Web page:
As a little girl growing up in a predominantly white community, I quickly became ashamed of my curls.
Most of my classmates had this gorgeous straight hair, and the ones who did have naturally wavy hair straightened it with ease, every single morning. I didn't get that luxury. Not only is my hair ridiculously thick, but it was long so it took me about an hour an a half each time I wanted to straighten it. So for 13 years, Kindergarten - 12th grade, I wore my hair slicked back into a bun. It wasn't that other girls hated it, it was that I hated it.
I remember one day running late for a choir concert and rushing into the school so fast that my wet hair fell out of its bun, I was so preoccupied with not being late that I didn't even realize it was down until I came bursting through the auditorium doors and heard a collective gasp, followed by multiple classmates telling me to wear it down. They liked it, hell...they loved it, but for some reason I never did. I honestly can't pin point if it was the curliness I hated or the voluminousness of it all. I mean, even with the right product it gets pretty dang big, so I wore it up every.....single.....day.
It wasn't until college that I started getting 100% comfortable in my own skin. I went to a private art school right after graduation that taught me a lot in the year that I attended. Although I ended up eventually leaving that school, the overwhelming support of embracing your true self that I fed off of on a daily basis really stuck with me. The students I was surrounded by had piercings from head to toe, tattoos, multi-colored hair and some of the most epic personal style I've ever seen in such a concentrated area. Now that I think about it, honestly, I was one of the most mainstream students there....my curly hair was probably one of the least impressive things they saw on a day to day basis. It was that lack of individuality, weirdly enough, that got me comfortable enough with wearing my hair down in the first place. It was like I wasn't being noticed for my hair for the first time in my life. By the time I left that school, the comfort in wearing my hair down and in it's natural state turned into like...and pretty soon like turned into love.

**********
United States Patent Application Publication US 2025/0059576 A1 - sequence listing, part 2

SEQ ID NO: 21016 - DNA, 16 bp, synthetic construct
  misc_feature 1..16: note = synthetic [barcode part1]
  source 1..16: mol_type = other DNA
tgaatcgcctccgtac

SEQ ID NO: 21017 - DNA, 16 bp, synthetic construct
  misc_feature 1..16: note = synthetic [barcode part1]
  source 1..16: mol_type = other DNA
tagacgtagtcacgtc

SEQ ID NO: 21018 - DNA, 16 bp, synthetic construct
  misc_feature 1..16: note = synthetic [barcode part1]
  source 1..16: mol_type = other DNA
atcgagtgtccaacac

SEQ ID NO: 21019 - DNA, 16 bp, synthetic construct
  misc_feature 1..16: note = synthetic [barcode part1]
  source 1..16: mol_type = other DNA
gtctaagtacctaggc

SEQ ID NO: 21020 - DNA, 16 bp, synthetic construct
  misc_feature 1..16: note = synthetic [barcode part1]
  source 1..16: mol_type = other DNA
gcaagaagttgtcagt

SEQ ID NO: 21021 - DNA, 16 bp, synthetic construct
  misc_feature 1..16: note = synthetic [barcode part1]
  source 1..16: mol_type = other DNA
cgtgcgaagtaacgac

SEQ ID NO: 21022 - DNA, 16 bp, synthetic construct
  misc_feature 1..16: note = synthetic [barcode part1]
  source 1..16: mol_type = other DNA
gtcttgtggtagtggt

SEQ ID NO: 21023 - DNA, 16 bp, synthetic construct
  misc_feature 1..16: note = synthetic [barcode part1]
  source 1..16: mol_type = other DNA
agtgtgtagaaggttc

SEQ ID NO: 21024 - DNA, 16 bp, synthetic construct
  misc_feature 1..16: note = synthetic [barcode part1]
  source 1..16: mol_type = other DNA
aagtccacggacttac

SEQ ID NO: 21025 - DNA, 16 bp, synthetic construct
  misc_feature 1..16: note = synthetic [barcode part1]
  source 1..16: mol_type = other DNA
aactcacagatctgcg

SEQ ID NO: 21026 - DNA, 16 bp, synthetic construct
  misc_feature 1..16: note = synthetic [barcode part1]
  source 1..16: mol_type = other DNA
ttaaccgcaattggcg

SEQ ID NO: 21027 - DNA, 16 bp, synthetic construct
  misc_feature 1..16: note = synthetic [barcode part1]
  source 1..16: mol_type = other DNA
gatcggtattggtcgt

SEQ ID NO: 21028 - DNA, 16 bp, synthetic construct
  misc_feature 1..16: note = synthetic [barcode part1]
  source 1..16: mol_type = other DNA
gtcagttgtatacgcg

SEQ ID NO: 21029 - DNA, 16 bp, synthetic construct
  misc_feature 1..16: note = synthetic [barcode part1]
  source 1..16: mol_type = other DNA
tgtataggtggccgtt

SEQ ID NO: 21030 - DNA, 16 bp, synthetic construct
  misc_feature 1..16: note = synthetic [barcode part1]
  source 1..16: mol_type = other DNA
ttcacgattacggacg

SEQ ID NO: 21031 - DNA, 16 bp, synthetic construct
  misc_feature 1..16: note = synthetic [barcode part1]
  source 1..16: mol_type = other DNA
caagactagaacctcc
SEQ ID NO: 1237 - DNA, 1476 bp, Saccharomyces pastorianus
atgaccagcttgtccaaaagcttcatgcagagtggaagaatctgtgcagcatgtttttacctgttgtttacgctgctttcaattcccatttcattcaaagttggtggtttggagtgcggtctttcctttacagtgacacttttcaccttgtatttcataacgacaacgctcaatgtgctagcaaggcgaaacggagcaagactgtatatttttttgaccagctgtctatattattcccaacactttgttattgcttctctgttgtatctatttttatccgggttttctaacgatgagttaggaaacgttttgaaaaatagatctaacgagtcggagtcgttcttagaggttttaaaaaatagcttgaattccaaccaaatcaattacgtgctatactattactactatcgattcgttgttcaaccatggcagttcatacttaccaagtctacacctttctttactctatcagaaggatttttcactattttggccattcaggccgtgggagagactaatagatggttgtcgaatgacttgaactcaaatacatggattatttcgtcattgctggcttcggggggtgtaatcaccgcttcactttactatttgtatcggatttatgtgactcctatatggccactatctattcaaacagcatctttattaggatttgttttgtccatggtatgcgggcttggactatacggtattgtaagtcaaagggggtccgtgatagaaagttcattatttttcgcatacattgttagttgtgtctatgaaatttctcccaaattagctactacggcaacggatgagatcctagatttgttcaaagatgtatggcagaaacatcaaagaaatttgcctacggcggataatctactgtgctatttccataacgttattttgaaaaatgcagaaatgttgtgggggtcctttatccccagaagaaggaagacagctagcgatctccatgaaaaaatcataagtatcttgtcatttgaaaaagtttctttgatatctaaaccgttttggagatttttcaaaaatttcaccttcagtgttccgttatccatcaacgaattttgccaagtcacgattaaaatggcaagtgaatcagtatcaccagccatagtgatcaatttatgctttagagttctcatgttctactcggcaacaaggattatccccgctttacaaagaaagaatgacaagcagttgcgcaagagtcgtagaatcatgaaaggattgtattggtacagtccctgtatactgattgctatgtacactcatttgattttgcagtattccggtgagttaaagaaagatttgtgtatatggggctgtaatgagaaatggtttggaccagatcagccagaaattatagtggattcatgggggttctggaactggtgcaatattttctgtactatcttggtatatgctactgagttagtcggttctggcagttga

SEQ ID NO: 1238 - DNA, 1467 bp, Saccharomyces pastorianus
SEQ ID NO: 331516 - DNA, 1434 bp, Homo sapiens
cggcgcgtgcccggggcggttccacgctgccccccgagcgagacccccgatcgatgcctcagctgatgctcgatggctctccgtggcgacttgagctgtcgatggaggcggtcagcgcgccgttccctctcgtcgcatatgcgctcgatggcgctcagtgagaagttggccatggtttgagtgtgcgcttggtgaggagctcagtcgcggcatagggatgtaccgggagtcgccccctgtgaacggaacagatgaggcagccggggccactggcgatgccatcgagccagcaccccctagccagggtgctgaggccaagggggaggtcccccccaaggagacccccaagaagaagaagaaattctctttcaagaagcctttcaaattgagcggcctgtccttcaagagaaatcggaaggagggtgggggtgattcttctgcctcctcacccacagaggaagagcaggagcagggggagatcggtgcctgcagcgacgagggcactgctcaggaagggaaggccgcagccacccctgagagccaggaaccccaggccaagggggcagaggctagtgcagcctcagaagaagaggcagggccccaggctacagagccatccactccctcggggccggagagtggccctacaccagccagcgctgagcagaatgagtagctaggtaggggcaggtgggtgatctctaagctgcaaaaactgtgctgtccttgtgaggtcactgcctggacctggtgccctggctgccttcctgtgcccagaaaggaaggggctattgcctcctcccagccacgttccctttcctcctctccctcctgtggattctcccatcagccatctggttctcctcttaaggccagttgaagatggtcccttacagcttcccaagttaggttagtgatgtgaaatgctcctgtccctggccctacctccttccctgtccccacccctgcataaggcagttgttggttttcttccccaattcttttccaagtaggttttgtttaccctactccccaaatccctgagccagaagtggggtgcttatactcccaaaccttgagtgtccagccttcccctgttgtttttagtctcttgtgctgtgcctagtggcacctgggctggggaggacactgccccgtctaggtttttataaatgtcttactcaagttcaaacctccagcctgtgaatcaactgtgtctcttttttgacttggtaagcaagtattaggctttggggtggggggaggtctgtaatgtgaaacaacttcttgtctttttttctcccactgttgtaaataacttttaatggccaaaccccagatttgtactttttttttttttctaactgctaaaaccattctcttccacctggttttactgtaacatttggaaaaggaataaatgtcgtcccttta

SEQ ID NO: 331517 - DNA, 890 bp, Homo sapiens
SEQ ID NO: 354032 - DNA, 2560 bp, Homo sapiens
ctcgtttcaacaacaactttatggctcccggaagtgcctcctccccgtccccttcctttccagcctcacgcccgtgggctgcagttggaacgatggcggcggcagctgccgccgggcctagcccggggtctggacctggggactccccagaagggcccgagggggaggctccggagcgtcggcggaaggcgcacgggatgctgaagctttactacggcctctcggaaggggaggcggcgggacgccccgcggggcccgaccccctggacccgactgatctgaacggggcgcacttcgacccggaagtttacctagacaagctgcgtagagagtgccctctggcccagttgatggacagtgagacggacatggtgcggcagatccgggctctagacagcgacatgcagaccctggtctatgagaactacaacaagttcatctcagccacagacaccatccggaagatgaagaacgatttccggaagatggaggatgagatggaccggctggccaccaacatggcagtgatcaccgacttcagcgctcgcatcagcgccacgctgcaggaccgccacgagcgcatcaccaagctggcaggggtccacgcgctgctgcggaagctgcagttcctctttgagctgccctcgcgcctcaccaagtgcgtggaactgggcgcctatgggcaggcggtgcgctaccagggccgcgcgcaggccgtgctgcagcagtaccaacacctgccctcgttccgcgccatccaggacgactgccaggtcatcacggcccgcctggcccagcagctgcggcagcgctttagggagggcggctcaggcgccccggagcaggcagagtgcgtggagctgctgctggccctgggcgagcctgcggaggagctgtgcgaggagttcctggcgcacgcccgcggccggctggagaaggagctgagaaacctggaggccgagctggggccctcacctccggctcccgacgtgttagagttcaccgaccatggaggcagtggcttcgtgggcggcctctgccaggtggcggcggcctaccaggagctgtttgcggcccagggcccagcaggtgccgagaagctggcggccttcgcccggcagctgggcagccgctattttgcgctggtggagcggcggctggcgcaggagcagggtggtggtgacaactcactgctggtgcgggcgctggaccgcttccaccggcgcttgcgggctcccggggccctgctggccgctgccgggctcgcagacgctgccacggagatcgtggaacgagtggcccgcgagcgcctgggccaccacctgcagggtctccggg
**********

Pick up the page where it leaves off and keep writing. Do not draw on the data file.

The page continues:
Now, at 23 years old, I can't stop embracing that natural beauty of the lion's mane worth of black curls I have atop my head. I realize after almost 2 decades of hiding it, that this is what women pay for. The volume, the curls, the buoyancy....it all costs money to someone, so why spend the time straightening it out?
When dove released this #loveyourcurls campaign I could relate to a T. I remember being the same age as the very first little girl they show, and thinking the exact same thing she thought. But you know what, it's time to change that. Its time to embrace what we have and show those little curly haired girls that they are just as beautiful as the one's who have straight hair. Let's lead by example and let it all down! Its time to stop focusing our time and money on relaxers and flat irons and buy product that defines our curls and keeps them in tact all day!
I love what I was born with, I love my hair, I love my curls. And you should too.
. . . . . . . . . . . . . . . . . .
In honor of the Dove #loveyourcurls campaign.....some of my greatest hair moments :-)
Shop Smart. Look Chic. Stay Stylish.....
Love Your Curls.